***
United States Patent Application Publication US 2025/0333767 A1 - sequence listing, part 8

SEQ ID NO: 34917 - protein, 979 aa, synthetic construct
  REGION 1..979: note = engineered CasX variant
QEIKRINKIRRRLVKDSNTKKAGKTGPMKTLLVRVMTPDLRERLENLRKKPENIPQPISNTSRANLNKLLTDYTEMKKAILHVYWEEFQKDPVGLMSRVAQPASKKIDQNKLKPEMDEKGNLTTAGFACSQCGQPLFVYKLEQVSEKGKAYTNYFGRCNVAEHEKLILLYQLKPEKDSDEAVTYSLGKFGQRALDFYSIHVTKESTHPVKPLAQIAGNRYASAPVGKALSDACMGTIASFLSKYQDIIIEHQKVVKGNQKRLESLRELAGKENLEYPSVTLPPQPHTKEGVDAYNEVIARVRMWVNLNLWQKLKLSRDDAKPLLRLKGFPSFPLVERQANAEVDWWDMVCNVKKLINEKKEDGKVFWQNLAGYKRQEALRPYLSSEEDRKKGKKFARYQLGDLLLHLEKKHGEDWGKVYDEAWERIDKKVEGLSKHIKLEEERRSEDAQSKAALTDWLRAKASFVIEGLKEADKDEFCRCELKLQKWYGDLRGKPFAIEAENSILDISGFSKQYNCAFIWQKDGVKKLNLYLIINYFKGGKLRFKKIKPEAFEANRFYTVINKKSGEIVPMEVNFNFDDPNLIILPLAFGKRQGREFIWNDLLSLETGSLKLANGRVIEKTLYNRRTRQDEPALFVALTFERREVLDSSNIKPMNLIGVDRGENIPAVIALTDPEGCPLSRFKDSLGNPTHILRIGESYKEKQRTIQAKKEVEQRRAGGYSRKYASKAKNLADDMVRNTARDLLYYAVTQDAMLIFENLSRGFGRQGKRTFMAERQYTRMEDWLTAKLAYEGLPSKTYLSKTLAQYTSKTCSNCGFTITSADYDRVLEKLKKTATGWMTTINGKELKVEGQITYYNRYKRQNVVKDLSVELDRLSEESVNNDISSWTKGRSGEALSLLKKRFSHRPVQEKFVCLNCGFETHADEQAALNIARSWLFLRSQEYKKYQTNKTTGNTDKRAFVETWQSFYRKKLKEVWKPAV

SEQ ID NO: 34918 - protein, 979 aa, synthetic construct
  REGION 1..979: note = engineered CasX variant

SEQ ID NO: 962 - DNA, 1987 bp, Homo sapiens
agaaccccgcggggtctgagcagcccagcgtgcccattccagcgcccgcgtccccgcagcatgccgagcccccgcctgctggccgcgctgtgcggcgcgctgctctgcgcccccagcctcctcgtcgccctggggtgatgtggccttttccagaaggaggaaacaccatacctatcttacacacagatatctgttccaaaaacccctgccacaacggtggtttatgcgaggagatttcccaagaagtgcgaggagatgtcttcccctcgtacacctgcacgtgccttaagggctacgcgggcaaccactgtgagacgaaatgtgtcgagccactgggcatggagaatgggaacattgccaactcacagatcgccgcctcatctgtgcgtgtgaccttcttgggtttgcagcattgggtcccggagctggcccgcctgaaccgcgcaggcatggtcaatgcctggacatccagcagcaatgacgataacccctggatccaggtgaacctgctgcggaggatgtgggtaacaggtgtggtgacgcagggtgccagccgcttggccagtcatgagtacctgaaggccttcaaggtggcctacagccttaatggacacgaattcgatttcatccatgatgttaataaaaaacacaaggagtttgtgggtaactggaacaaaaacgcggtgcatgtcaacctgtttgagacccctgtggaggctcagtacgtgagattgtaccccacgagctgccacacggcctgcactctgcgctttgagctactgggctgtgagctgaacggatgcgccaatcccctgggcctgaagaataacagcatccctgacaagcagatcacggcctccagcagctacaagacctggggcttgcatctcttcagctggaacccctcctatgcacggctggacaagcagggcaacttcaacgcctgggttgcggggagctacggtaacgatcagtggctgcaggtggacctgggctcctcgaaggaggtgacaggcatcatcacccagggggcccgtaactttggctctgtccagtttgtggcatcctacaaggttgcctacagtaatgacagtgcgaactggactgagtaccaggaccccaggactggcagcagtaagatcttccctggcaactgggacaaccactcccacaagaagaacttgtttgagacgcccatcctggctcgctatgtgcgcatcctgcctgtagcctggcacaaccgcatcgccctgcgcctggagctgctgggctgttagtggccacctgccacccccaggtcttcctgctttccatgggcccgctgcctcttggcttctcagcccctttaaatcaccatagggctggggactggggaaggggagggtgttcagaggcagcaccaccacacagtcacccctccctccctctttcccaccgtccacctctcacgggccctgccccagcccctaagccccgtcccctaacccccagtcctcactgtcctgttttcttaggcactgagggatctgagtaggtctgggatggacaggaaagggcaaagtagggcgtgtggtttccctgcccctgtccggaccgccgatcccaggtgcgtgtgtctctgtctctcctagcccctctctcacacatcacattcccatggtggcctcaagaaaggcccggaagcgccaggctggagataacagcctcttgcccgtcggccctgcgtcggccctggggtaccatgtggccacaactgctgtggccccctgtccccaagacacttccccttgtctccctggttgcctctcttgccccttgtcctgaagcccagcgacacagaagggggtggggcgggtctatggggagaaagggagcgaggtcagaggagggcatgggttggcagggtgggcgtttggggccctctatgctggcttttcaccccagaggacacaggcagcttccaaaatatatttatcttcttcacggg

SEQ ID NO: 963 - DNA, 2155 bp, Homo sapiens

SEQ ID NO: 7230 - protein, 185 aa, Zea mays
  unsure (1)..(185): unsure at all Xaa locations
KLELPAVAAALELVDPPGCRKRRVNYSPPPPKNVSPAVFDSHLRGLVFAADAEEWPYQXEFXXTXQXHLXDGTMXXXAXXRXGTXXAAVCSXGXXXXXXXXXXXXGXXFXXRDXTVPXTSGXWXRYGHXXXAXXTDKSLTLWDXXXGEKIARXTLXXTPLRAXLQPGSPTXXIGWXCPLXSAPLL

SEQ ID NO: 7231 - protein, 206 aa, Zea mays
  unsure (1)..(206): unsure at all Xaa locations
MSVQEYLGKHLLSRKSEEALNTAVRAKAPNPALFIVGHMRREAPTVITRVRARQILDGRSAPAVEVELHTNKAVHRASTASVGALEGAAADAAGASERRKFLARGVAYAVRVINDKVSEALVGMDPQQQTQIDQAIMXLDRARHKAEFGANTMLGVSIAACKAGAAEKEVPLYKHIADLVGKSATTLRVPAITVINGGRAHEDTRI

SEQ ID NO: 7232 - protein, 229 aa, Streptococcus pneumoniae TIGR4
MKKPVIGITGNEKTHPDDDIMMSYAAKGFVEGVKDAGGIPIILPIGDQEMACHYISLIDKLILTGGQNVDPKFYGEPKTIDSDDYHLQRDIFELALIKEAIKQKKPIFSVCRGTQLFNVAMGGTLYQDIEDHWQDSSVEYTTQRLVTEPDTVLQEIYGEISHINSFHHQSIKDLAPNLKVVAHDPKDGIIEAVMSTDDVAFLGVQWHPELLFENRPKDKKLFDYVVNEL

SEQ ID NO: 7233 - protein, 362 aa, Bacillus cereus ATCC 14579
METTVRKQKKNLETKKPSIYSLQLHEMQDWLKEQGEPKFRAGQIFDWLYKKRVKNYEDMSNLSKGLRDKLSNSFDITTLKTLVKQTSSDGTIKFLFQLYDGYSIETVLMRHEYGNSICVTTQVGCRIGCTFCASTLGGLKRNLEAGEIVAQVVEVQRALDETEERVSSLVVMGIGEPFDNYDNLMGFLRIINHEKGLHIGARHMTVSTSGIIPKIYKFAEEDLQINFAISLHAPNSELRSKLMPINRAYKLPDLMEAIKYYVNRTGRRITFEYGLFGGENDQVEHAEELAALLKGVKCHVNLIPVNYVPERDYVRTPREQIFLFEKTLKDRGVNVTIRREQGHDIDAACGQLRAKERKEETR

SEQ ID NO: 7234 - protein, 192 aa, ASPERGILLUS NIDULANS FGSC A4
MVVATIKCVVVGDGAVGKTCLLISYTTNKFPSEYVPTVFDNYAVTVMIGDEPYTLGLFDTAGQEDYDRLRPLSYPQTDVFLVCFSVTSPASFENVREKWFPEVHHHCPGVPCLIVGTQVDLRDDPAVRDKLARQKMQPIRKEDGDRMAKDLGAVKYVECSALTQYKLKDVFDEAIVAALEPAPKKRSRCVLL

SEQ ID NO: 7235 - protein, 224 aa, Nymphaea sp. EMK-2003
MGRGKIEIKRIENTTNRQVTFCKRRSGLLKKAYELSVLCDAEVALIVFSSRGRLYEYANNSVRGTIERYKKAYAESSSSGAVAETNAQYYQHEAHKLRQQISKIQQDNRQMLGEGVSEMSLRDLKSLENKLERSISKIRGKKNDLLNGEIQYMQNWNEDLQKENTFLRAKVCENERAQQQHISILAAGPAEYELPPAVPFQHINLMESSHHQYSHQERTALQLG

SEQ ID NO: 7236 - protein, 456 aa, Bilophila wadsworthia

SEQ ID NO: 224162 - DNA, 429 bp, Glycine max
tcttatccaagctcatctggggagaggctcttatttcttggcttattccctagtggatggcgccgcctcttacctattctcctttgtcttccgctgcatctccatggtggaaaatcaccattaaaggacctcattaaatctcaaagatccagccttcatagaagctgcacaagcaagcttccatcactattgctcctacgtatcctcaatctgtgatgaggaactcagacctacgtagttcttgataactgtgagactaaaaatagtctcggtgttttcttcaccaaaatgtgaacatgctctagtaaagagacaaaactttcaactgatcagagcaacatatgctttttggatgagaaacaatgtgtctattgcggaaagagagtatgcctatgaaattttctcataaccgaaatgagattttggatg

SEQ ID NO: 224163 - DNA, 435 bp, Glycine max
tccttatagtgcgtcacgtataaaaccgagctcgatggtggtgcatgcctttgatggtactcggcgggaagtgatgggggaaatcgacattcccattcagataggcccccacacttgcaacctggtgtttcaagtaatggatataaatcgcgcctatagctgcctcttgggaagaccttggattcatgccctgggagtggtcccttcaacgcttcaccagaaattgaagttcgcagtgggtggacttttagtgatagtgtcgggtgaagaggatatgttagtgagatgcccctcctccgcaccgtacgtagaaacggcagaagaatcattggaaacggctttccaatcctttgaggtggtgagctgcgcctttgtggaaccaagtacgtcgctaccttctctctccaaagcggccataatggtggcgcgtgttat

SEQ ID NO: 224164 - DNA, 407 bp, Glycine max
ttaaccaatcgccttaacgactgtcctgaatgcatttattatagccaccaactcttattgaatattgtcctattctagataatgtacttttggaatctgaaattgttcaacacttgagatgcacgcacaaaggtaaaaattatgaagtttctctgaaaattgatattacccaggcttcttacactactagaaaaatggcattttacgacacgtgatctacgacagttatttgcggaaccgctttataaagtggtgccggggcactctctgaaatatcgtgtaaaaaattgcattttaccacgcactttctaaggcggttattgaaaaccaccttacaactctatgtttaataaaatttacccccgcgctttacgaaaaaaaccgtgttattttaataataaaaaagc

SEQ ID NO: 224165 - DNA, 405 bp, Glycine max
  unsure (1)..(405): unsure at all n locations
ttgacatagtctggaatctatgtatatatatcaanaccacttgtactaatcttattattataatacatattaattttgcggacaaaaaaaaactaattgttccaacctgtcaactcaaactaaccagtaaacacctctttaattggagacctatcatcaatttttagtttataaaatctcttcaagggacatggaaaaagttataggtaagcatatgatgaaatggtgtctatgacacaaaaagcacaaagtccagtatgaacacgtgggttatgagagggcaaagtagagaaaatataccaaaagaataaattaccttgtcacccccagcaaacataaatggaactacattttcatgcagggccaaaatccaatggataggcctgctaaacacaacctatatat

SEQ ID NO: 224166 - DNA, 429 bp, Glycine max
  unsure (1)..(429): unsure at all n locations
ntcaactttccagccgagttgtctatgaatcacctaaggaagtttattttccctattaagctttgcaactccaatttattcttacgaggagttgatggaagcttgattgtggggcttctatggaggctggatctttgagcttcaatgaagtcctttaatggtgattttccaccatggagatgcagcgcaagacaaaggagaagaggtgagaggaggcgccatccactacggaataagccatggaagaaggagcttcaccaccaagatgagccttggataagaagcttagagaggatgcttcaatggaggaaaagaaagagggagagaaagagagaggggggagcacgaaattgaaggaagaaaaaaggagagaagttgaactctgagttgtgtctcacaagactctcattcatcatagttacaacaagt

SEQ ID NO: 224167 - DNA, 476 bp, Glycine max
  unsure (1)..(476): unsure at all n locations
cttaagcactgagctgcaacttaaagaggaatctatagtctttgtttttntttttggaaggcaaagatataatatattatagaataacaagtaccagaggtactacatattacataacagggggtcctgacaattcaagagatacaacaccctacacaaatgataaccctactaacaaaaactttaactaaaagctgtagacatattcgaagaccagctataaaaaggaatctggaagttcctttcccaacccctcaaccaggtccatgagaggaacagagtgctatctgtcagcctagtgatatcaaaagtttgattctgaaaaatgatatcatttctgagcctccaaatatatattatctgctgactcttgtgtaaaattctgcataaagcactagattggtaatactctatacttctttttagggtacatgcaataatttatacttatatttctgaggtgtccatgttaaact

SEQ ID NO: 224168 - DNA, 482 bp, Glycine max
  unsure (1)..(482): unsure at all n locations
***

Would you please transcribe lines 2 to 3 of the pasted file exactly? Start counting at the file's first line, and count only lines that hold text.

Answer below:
SEQ ID NO: 34917 - protein, 979 aa, synthetic construct
  REGION 1..979: note = engineered CasX variant